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Recommendations based on previous behavior and relatedness as a way for exploration of contents.

Both the previous cases had mostly to do with text documents. Understanding language was still beyond reach, but using statistical characteristics of language and documents proved very effective in a number of tasks. The first notable non-text success to my mind was collaborative filtering, also known as recommender systems, notably pioneered by Amazon and Netflix. The idea that web services can use information about some users to infer what other users may be interested in had some very lucrative applications and provided a way to deal with heterogenous objects (movies, songs, items sold in an online store, travel destinations) potentially without needing a good way to represent them. Statistics about which users liked or bought a particular object replaced statistics about words it contained or genres it belonged to. What would our modern world be if online stores were not as effective as they are today? Where would the music industry be if streaming service as we know them today did not exist?

The damn ads!

We all hate ads, but there had to be a way for companies like Google to make money. And make money they do! Once the internet became more efficient than old-fashioned media at targeting specific user groups, say, based on interest in some specific type of content, it started to really pay of. And that was just the beginning, with Machine Learning based ad targeting and selection systems, and platforms that, like Facebook, Google, and Amazon that had information-rich user profiles, ad targeting became more and more efficient. In fact, in most major internet companies, you’ll find a significant portion of the Machine Learning talent syphoned into the teams building the ad targeting and optimization platforms. Which can be seen as unfortunate, but ads are less annoying when they are actually relevant, so let’s hope for better, privacy-preserving ad-targeting systems that enable a better balance of content to ads and make the web a better place for everyone.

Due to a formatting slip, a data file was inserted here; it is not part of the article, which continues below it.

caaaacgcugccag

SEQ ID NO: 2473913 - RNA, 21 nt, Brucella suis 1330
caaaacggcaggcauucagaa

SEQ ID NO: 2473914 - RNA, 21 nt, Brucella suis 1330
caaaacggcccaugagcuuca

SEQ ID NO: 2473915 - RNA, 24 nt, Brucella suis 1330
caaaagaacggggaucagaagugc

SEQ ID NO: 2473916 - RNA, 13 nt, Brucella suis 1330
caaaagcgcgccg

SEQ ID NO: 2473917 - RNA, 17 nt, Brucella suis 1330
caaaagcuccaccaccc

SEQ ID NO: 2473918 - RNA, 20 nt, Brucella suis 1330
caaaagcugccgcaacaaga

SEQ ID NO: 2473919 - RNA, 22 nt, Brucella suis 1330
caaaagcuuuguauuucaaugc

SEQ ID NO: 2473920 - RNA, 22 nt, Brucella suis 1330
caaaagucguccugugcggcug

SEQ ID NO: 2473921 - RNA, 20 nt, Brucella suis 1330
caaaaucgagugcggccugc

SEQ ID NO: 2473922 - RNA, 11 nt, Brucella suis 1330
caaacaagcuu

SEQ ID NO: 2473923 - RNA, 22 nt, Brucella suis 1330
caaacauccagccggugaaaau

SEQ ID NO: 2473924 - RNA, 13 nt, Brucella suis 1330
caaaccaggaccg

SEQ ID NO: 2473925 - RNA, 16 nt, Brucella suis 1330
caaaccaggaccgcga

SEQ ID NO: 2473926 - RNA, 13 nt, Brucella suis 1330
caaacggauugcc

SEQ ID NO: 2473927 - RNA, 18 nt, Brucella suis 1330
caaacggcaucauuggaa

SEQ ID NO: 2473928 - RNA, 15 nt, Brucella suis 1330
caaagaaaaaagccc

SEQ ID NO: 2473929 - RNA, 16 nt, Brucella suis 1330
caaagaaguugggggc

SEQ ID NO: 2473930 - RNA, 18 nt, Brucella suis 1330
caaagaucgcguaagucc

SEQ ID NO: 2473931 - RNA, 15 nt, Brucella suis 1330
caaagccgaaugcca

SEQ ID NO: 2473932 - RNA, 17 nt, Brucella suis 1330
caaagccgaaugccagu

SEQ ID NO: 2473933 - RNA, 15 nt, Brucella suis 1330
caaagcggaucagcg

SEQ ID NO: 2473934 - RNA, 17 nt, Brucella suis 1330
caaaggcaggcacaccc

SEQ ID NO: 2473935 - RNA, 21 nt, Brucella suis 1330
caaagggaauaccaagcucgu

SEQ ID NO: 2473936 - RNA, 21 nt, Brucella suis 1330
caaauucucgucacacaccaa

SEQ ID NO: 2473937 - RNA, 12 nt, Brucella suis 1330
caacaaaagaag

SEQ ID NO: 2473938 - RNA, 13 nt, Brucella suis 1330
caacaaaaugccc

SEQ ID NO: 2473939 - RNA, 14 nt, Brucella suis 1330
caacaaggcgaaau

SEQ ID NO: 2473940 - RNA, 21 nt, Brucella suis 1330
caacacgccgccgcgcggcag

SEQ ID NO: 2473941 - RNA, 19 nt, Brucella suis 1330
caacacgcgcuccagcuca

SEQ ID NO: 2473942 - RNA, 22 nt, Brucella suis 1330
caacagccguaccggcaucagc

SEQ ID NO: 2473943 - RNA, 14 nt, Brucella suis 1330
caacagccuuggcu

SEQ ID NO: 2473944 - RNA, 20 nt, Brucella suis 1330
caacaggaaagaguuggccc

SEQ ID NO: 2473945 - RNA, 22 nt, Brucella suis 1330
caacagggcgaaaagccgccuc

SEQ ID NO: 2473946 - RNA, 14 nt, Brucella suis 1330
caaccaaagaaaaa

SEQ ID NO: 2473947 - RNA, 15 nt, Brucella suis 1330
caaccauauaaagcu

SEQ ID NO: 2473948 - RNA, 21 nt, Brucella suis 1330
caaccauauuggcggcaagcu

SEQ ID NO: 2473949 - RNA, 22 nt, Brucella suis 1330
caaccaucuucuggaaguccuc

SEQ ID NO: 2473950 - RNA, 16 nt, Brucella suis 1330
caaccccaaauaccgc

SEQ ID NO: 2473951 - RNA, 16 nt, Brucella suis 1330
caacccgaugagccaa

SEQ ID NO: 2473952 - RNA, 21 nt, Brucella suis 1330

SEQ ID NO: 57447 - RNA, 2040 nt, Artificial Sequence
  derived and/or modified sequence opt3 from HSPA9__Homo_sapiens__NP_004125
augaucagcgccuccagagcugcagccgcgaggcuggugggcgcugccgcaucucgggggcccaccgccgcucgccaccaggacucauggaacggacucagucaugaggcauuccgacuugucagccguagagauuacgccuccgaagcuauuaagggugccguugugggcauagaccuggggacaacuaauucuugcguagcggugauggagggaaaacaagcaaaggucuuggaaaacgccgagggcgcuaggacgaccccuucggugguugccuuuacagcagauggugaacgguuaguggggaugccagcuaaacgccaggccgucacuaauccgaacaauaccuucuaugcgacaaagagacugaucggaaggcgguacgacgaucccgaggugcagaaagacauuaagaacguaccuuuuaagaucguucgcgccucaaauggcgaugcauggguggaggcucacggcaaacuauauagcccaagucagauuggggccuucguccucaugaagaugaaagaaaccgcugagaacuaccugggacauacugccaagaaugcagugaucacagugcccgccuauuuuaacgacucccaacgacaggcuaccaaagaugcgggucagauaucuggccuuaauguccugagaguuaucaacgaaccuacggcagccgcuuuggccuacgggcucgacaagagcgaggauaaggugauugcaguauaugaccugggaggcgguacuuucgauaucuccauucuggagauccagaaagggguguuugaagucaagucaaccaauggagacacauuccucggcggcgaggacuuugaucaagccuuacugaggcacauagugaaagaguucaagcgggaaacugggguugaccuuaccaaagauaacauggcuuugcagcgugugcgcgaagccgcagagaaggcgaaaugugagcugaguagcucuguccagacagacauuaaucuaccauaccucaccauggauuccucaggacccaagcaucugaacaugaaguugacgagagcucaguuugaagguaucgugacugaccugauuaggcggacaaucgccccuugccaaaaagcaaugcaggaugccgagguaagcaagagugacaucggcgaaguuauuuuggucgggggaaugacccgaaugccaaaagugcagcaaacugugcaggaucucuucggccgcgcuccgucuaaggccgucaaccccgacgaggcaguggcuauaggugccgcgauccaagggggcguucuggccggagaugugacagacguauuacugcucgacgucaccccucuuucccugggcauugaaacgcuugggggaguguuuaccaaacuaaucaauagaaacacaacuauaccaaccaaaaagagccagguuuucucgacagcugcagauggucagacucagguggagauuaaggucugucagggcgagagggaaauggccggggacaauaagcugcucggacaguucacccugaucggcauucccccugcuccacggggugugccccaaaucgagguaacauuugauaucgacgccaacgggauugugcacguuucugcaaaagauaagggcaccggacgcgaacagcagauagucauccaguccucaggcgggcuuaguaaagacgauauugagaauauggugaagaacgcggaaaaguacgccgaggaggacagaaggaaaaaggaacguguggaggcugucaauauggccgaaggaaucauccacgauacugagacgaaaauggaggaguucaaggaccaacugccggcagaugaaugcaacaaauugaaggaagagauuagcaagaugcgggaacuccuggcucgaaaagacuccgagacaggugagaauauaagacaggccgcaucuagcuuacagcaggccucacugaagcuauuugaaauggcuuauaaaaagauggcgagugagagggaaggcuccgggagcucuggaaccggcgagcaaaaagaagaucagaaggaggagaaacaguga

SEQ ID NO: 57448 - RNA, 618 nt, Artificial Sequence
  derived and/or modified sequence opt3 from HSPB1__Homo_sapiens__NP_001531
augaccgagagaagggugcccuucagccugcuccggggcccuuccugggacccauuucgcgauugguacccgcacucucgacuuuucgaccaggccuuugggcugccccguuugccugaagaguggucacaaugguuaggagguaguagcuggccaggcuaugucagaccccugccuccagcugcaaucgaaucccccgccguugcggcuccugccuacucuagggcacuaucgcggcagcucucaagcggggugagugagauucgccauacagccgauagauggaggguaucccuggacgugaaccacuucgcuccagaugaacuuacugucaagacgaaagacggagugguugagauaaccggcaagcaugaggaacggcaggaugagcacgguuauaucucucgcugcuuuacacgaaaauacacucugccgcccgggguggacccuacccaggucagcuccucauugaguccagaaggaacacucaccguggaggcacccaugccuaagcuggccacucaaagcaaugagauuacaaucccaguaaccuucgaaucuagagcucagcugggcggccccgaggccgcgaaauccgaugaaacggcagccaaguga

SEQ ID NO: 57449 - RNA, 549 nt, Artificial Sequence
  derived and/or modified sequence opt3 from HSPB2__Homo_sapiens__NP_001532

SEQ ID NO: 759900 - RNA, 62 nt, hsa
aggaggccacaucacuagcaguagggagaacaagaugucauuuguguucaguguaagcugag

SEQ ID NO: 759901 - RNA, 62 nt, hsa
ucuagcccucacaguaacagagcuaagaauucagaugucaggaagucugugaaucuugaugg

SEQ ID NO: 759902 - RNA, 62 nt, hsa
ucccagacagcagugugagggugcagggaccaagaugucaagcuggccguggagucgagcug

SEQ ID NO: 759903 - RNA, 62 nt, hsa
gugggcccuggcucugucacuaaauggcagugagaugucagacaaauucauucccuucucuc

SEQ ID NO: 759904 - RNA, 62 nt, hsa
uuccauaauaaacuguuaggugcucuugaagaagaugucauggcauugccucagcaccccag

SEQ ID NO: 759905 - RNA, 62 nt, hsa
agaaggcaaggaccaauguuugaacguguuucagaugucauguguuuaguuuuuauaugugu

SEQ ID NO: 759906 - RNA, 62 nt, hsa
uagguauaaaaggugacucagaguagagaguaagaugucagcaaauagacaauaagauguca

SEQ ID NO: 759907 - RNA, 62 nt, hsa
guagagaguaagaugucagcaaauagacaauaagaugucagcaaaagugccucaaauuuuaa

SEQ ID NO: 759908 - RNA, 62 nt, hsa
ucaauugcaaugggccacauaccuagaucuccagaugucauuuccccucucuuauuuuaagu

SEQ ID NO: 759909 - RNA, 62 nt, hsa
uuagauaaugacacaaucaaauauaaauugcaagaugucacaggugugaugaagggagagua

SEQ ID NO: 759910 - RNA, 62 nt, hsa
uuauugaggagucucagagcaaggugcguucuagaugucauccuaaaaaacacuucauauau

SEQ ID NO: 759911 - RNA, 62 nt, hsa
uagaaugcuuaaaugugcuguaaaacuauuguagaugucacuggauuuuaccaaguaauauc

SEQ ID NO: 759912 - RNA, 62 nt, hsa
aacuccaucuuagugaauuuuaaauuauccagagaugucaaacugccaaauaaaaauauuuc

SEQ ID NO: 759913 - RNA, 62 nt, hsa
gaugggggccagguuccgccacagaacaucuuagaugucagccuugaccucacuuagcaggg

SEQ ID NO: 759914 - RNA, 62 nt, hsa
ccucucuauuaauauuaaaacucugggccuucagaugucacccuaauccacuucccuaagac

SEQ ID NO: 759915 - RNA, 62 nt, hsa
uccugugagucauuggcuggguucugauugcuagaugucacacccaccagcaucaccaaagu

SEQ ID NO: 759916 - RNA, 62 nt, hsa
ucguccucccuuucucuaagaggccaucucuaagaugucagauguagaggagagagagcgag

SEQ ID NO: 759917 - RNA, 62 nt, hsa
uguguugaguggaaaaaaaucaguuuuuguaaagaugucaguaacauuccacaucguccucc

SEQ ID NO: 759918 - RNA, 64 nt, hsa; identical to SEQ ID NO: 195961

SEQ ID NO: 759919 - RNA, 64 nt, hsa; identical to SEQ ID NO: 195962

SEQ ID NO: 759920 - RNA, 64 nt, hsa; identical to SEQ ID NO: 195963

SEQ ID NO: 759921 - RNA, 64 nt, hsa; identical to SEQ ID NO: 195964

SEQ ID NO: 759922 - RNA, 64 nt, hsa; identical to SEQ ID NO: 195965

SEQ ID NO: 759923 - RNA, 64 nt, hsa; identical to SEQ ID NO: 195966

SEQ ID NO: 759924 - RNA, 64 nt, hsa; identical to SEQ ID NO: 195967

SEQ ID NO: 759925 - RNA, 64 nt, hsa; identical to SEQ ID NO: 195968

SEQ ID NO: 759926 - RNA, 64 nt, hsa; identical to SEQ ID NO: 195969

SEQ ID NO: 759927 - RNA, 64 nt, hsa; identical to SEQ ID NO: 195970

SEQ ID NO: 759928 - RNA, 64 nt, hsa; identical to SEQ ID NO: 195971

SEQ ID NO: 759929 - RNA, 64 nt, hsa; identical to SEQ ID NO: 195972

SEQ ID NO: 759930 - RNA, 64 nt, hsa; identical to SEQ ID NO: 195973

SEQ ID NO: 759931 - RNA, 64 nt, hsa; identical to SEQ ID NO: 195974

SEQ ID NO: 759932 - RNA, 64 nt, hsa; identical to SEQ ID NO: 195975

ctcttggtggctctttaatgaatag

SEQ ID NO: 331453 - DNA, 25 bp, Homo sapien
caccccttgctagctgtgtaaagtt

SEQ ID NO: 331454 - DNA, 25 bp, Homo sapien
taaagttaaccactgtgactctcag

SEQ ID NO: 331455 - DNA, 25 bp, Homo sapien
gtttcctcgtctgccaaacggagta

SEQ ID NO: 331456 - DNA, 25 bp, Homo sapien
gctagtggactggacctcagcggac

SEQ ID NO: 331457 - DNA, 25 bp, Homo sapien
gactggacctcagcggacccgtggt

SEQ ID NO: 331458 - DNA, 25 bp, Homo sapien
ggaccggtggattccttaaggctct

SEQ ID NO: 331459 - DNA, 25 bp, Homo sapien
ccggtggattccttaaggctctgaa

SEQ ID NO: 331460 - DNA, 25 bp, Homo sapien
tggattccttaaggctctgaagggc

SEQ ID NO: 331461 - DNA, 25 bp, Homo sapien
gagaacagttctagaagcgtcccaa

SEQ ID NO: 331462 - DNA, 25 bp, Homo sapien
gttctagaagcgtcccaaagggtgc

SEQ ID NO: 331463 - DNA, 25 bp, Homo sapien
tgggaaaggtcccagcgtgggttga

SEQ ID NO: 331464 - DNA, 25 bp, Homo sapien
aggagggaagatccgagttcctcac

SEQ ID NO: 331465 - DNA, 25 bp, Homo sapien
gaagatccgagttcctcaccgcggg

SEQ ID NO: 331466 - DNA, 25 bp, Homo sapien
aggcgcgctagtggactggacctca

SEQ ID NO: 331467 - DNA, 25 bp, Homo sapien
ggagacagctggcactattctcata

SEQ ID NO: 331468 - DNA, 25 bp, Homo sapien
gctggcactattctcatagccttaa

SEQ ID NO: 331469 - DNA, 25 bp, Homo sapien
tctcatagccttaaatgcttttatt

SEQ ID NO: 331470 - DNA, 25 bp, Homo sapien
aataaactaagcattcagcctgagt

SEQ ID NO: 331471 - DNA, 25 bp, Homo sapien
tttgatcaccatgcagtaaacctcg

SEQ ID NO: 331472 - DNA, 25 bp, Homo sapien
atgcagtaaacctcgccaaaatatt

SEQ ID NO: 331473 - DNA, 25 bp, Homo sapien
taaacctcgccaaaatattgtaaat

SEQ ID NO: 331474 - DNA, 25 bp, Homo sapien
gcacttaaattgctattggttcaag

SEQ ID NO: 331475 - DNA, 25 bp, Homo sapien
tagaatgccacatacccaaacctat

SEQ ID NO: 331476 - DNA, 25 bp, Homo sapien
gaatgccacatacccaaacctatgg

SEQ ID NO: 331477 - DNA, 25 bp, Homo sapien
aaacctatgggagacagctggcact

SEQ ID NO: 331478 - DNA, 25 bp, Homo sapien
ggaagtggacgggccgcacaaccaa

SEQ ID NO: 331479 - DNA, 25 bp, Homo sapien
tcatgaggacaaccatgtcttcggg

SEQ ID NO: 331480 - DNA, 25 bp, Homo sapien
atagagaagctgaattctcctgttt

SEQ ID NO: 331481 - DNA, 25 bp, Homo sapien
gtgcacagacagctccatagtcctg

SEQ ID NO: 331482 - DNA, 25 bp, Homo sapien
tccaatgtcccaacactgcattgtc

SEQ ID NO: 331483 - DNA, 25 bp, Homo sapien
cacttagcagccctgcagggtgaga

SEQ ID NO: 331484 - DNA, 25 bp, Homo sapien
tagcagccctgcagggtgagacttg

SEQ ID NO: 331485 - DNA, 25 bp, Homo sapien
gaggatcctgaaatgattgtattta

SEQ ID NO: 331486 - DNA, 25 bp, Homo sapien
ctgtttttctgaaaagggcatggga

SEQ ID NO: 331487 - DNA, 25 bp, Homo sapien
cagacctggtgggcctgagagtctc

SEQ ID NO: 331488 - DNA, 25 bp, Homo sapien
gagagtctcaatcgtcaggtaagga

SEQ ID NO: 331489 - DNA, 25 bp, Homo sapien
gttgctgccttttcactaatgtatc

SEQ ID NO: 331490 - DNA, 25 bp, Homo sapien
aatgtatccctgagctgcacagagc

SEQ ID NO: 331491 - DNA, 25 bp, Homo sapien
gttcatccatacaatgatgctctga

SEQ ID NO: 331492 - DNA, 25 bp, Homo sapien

A tad too much?

Now you see me …

More recently and maybe more famously, computers became good at seeing things and “understanding” them. Some applications of turning written numbers or words into digital form have been around for decades and quite useful in their own right, but with recent advances is Machine Learning algorithms, computers started becoming good at detecting objects in images. Detecting faces in an image and where they are, detecting smiles and frowns, detecting cats and dogs and cars, detecting several objects from a single image and characterizing the spatial relationships between them. These algorithms had immediate applications for social networks and camera software, but the more momentous consequence was enabling advances in autonomous vehicles. Autonomous vehicles require more than just seeing and understanding images, and is not yet quite a success. But it’s only a matter of time, and the impact it would have on our world is going to be massive, even by conservative estimates. The effects on transportation is going to be significant, but the effect on jobs and employment is going to be more disruptive and more dangerous. It’s hard to estimate how quickly our societies are going to cope with such a big and quick change.